Having just completed my LLB with the University of London International Programmes, I am grateful to be climbing out from the depths of exam stress and seemingly endless hours of study. As fellow students, I’m sure all readers are well aware that the rigorous programmes of the University of London can be arduous and that the intense study they require can at exam times can be quite isolating.
However, my experience and journey through the LLB has been brightened and coloured by engagement with other students as well as academics and staff from across the International Programmes through serving as a student member of a committee. These support networks have been key for me and have helped me during difficult times to remember the positive aspects of study which, outside of exam season, is surprisingly a very rewarding and enjoyable pursuit! Continue reading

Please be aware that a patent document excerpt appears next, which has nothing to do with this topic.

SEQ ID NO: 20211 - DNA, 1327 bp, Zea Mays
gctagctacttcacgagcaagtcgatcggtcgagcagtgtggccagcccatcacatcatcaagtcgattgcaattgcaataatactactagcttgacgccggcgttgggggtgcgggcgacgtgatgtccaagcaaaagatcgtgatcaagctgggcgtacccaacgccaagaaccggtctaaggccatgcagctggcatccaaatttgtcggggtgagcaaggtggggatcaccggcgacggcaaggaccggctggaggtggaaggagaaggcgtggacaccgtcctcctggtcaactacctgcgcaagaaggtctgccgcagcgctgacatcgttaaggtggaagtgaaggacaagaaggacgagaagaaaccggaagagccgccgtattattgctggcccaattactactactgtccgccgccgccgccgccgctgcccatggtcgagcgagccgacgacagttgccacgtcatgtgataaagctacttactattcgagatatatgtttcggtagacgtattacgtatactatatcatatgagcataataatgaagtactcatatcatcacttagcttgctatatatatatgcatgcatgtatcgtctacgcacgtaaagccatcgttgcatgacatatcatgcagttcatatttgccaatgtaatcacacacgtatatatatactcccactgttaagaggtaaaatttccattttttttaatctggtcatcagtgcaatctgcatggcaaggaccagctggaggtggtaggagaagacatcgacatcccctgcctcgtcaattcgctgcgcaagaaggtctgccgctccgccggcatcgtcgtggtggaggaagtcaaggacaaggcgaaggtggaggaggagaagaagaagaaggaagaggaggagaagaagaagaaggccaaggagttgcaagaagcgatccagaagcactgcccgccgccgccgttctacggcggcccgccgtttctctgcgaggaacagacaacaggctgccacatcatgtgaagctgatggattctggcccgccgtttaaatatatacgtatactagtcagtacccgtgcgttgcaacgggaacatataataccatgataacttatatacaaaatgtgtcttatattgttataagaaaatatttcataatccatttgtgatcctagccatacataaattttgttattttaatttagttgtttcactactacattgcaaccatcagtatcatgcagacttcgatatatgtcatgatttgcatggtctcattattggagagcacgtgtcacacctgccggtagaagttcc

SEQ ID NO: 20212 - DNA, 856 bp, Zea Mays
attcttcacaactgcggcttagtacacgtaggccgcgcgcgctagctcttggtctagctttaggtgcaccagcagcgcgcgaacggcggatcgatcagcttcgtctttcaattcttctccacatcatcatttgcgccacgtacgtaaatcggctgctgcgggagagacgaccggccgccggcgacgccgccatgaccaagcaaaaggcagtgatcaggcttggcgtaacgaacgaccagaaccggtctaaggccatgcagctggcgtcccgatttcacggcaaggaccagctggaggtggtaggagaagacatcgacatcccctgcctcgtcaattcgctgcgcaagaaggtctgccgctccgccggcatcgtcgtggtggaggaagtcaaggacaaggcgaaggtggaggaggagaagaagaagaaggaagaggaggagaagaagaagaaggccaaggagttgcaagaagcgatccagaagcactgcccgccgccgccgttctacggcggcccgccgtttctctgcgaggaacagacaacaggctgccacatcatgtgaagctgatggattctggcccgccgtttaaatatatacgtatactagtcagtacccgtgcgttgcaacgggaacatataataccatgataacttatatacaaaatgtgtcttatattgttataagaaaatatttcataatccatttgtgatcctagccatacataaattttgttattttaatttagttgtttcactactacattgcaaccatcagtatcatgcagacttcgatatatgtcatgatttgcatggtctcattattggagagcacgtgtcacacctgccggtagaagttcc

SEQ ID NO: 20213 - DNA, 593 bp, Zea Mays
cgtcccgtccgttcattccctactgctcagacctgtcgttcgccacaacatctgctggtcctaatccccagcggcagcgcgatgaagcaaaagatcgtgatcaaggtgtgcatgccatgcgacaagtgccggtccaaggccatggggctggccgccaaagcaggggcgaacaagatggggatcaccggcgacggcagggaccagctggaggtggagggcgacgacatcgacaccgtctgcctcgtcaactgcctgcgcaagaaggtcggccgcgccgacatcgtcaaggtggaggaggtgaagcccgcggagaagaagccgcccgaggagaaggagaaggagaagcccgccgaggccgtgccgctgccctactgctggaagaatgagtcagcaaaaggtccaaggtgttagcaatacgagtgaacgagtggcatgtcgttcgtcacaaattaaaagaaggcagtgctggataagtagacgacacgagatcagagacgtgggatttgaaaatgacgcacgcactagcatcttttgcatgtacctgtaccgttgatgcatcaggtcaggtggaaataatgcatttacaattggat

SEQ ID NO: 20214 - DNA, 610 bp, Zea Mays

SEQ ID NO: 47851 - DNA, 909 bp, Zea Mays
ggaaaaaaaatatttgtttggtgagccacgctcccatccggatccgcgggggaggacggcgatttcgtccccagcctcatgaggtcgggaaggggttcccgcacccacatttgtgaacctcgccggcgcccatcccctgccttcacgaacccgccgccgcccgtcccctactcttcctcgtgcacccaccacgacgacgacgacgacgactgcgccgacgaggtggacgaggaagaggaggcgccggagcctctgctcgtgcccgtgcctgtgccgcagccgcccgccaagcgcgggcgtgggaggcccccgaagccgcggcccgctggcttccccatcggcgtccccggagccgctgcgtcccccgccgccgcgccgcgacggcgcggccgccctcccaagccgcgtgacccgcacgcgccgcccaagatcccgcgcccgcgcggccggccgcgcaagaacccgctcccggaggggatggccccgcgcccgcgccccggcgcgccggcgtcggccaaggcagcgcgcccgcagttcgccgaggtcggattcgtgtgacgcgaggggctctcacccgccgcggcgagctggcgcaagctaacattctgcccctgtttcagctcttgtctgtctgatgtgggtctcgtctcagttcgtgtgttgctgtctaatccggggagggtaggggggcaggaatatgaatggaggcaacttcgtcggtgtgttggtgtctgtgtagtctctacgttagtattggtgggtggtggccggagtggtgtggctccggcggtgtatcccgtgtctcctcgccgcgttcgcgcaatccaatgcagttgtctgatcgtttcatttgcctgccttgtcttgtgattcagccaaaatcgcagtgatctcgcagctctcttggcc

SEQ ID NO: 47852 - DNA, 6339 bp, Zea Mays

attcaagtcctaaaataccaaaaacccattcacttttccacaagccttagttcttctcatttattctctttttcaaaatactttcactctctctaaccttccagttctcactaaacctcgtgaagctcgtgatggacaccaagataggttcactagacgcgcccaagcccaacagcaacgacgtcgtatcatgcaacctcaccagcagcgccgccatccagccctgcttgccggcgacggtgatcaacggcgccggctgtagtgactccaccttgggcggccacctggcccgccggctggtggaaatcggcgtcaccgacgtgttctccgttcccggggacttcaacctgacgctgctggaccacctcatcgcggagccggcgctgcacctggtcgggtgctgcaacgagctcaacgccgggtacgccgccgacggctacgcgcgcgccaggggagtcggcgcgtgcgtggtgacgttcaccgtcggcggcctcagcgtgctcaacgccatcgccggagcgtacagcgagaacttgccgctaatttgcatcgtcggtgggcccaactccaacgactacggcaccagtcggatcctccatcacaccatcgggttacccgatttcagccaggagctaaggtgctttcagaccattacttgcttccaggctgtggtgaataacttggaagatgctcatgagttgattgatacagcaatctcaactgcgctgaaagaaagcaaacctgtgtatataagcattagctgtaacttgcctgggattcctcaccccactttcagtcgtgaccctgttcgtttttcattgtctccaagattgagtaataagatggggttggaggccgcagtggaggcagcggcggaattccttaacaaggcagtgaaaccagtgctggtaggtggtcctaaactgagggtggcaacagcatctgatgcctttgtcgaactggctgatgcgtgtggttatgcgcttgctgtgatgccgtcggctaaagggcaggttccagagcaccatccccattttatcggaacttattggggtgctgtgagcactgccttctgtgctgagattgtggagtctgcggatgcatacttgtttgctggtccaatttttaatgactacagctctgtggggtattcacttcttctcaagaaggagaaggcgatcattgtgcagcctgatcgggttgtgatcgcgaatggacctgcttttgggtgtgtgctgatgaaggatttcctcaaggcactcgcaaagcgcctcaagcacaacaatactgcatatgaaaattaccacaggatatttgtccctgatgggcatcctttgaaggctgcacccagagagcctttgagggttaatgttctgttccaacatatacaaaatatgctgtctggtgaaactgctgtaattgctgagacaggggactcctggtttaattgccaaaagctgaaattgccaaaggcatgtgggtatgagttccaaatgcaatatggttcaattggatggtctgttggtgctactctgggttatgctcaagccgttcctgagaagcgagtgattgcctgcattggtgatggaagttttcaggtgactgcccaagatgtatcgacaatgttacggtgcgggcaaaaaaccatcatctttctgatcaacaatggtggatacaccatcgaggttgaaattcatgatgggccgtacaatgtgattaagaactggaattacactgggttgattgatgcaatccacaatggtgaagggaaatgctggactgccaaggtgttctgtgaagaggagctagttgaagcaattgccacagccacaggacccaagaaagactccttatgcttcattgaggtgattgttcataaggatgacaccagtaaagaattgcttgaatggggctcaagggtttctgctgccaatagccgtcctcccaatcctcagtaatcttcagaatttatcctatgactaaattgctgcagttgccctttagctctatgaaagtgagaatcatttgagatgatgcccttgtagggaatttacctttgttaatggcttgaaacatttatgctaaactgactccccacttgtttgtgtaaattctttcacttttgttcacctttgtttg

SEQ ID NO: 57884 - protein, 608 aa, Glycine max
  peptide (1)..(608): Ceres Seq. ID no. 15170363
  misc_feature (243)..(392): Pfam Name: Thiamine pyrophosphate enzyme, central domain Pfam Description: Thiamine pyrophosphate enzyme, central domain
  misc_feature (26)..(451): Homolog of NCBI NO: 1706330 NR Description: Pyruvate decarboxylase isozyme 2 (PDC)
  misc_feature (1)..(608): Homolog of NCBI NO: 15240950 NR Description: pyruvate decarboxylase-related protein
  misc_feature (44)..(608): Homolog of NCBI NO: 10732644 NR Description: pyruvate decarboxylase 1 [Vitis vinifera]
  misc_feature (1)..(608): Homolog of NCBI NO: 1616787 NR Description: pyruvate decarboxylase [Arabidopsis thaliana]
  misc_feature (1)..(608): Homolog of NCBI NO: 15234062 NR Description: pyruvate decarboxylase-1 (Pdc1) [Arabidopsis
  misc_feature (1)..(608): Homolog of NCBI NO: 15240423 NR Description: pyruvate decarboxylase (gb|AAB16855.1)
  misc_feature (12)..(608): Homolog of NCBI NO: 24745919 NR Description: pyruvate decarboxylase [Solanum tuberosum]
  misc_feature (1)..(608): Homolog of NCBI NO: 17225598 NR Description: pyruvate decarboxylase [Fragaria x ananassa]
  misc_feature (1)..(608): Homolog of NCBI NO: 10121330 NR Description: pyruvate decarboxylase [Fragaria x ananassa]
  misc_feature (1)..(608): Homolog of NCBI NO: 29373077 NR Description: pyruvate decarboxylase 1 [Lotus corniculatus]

Hello readers and colleagues!
I know… it’s been a while since our last conversation but I’m back with some potentially interesting thoughts for you.
How to plan your studies? How to make sure we begin the new academic year in the best possible way? It sounds like a subjective matter but there are some general considerations that apply to almost all of us.
We should take advantage of this relatively quiet period – academically speaking – to carefully devise a basic plan. In my brief experience, I learnt the earlier we start planning (i.e. structuring our studies), the better our results and the more enjoyable the journey.